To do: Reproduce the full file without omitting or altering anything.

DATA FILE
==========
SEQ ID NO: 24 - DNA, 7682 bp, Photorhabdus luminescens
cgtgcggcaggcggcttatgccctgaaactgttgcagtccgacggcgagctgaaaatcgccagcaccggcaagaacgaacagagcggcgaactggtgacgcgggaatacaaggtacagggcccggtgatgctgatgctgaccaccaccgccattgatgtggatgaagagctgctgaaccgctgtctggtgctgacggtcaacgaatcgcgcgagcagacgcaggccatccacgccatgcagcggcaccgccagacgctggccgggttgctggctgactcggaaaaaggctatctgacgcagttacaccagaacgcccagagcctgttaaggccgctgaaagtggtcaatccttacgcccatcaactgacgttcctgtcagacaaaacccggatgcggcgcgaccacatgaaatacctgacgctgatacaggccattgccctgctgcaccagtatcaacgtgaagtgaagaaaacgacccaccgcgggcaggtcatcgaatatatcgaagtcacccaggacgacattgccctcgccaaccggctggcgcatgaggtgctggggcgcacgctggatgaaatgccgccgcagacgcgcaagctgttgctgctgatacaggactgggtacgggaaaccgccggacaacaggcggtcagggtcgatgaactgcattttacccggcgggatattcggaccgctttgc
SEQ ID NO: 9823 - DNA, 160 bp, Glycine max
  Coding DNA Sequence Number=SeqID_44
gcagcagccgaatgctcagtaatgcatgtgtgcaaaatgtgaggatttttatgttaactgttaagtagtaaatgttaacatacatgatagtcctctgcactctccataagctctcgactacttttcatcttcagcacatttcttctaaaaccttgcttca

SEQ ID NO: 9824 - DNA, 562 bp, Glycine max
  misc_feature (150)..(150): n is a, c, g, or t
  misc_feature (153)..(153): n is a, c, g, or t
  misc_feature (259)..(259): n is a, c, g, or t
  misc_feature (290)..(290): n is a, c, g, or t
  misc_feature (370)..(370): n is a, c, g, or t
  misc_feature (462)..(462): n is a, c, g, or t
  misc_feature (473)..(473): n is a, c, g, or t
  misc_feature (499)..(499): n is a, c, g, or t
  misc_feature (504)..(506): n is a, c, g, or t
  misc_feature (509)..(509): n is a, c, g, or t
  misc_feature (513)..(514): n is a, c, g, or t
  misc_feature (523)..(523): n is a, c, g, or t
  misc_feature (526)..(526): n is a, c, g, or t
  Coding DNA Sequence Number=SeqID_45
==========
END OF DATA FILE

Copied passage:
SEQ ID NO: 24 - DNA, 7682 bp, Photorhabdus luminescens
cgtgcggcaggcggcttatgccctgaaactgttgcagtccgacggcgagctgaaaatcgccagcaccggcaagaacgaacagagcggcgaactggtgacgcgggaatacaaggtacagggcccggtgatgctgatgctgaccaccaccgccattgatgtggatgaagagctgctgaaccgctgtctggtgctgacggtcaacgaatcgcgcgagcagacgcaggccatccacgccatgcagcggcaccgccagacgctggccgggttgctggctgactcggaaaaaggctatctgacgcagttacaccagaacgcccagagcctgttaaggccgctgaaagtggtcaatccttacgcccatcaactgacgttcctgtcagacaaaacccggatgcggcgcgaccacatgaaatacctgacgctgatacaggccattgccctgctgcaccagtatcaacgtgaagtgaagaaaacgacccaccgcgggcaggtcatcgaatatatcgaagtcacccaggacgacattgccctcgccaaccggctggcgcatgaggtgctggggcgcacgctggatgaaatgccgccgcagacgcgcaagctgttgctgctgatacaggactgggtacgggaaaccgccggacaacaggcggtcagggtcgatgaactgcattttacccggcgggatattcggaccgctttgc
SEQ ID NO: 9823 - DNA, 160 bp, Glycine max
  Coding DNA Sequence Number=SeqID_44
gcagcagccgaatgctcagtaatgcatgtgtgcaaaatgtgaggatttttatgttaactgttaagtagtaaatgttaacatacatgatagtcctctgcactctccataagctctcgactacttttcatcttcagcacatttcttctaaaaccttgcttca

SEQ ID NO: 9824 - DNA, 562 bp, Glycine max
  misc_feature (150)..(150): n is a, c, g, or t
  misc_feature (153)..(153): n is a, c, g, or t
  misc_feature (259)..(259): n is a, c, g, or t
  misc_feature (290)..(290): n is a, c, g, or t
  misc_feature (370)..(370): n is a, c, g, or t
  misc_feature (462)..(462): n is a, c, g, or t
  misc_feature (473)..(473): n is a, c, g, or t
  misc_feature (499)..(499): n is a, c, g, or t
  misc_feature (504)..(506): n is a, c, g, or t
  misc_feature (509)..(509): n is a, c, g, or t
  misc_feature (513)..(514): n is a, c, g, or t
  misc_feature (523)..(523): n is a, c, g, or t
  misc_feature (526)..(526): n is a, c, g, or t
  Coding DNA Sequence Number=SeqID_45